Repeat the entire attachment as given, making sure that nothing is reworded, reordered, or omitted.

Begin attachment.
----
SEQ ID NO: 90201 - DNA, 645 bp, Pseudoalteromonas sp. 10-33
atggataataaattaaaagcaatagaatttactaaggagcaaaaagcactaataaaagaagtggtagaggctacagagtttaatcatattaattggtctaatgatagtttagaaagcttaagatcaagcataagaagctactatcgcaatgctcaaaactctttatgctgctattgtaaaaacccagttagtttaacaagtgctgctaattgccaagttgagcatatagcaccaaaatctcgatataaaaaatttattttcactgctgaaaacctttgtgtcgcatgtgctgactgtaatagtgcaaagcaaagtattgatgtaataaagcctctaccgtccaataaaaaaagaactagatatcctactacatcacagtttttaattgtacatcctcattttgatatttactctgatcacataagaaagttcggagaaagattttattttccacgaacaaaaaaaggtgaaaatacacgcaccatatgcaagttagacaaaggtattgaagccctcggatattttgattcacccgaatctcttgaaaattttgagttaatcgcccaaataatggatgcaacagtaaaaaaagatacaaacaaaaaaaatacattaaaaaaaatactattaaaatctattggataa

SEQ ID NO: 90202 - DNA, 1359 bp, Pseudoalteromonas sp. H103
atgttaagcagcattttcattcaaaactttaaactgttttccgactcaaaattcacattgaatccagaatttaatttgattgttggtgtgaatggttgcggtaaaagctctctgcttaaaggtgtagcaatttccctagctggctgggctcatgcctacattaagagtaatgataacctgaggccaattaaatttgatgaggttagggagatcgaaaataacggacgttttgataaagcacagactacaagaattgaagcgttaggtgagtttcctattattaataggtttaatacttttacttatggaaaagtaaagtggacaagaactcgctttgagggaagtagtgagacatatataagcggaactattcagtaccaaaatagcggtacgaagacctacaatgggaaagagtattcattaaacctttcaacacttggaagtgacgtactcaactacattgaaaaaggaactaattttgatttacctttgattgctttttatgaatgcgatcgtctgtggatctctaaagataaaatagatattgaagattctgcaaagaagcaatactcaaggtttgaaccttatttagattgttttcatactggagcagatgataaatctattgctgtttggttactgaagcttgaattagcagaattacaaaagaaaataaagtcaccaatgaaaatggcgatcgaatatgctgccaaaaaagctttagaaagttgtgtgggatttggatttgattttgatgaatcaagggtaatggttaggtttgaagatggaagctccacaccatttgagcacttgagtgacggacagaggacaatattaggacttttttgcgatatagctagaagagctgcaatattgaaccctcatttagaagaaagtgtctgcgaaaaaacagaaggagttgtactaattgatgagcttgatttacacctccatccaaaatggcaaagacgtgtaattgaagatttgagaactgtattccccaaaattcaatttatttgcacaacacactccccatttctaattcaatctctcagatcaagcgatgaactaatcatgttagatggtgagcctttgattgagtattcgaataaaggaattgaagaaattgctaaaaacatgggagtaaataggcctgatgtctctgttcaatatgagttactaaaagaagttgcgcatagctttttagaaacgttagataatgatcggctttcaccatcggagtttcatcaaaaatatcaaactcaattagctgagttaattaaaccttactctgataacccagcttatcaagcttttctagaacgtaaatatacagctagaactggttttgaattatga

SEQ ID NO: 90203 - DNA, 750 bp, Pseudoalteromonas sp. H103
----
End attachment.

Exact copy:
SEQ ID NO: 90201 - DNA, 645 bp, Pseudoalteromonas sp. 10-33
atggataataaattaaaagcaatagaatttactaaggagcaaaaagcactaataaaagaagtggtagaggctacagagtttaatcatattaattggtctaatgatagtttagaaagcttaagatcaagcataagaagctactatcgcaatgctcaaaactctttatgctgctattgtaaaaacccagttagtttaacaagtgctgctaattgccaagttgagcatatagcaccaaaatctcgatataaaaaatttattttcactgctgaaaacctttgtgtcgcatgtgctgactgtaatagtgcaaagcaaagtattgatgtaataaagcctctaccgtccaataaaaaaagaactagatatcctactacatcacagtttttaattgtacatcctcattttgatatttactctgatcacataagaaagttcggagaaagattttattttccacgaacaaaaaaaggtgaaaatacacgcaccatatgcaagttagacaaaggtattgaagccctcggatattttgattcacccgaatctcttgaaaattttgagttaatcgcccaaataatggatgcaacagtaaaaaaagatacaaacaaaaaaaatacattaaaaaaaatactattaaaatctattggataa

SEQ ID NO: 90202 - DNA, 1359 bp, Pseudoalteromonas sp. H103
atgttaagcagcattttcattcaaaactttaaactgttttccgactcaaaattcacattgaatccagaatttaatttgattgttggtgtgaatggttgcggtaaaagctctctgcttaaaggtgtagcaatttccctagctggctgggctcatgcctacattaagagtaatgataacctgaggccaattaaatttgatgaggttagggagatcgaaaataacggacgttttgataaagcacagactacaagaattgaagcgttaggtgagtttcctattattaataggtttaatacttttacttatggaaaagtaaagtggacaagaactcgctttgagggaagtagtgagacatatataagcggaactattcagtaccaaaatagcggtacgaagacctacaatgggaaagagtattcattaaacctttcaacacttggaagtgacgtactcaactacattgaaaaaggaactaattttgatttacctttgattgctttttatgaatgcgatcgtctgtggatctctaaagataaaatagatattgaagattctgcaaagaagcaatactcaaggtttgaaccttatttagattgttttcatactggagcagatgataaatctattgctgtttggttactgaagcttgaattagcagaattacaaaagaaaataaagtcaccaatgaaaatggcgatcgaatatgctgccaaaaaagctttagaaagttgtgtgggatttggatttgattttgatgaatcaagggtaatggttaggtttgaagatggaagctccacaccatttgagcacttgagtgacggacagaggacaatattaggacttttttgcgatatagctagaagagctgcaatattgaaccctcatttagaagaaagtgtctgcgaaaaaacagaaggagttgtactaattgatgagcttgatttacacctccatccaaaatggcaaagacgtgtaattgaagatttgagaactgtattccccaaaattcaatttatttgcacaacacactccccatttctaattcaatctctcagatcaagcgatgaactaatcatgttagatggtgagcctttgattgagtattcgaataaaggaattgaagaaattgctaaaaacatgggagtaaataggcctgatgtctctgttcaatatgagttactaaaagaagttgcgcatagctttttagaaacgttagataatgatcggctttcaccatcggagtttcatcaaaaatatcaaactcaattagctgagttaattaaaccttactctgataacccagcttatcaagcttttctagaacgtaaatatacagctagaactggttttgaattatga

SEQ ID NO: 90203 - DNA, 750 bp, Pseudoalteromonas sp. H103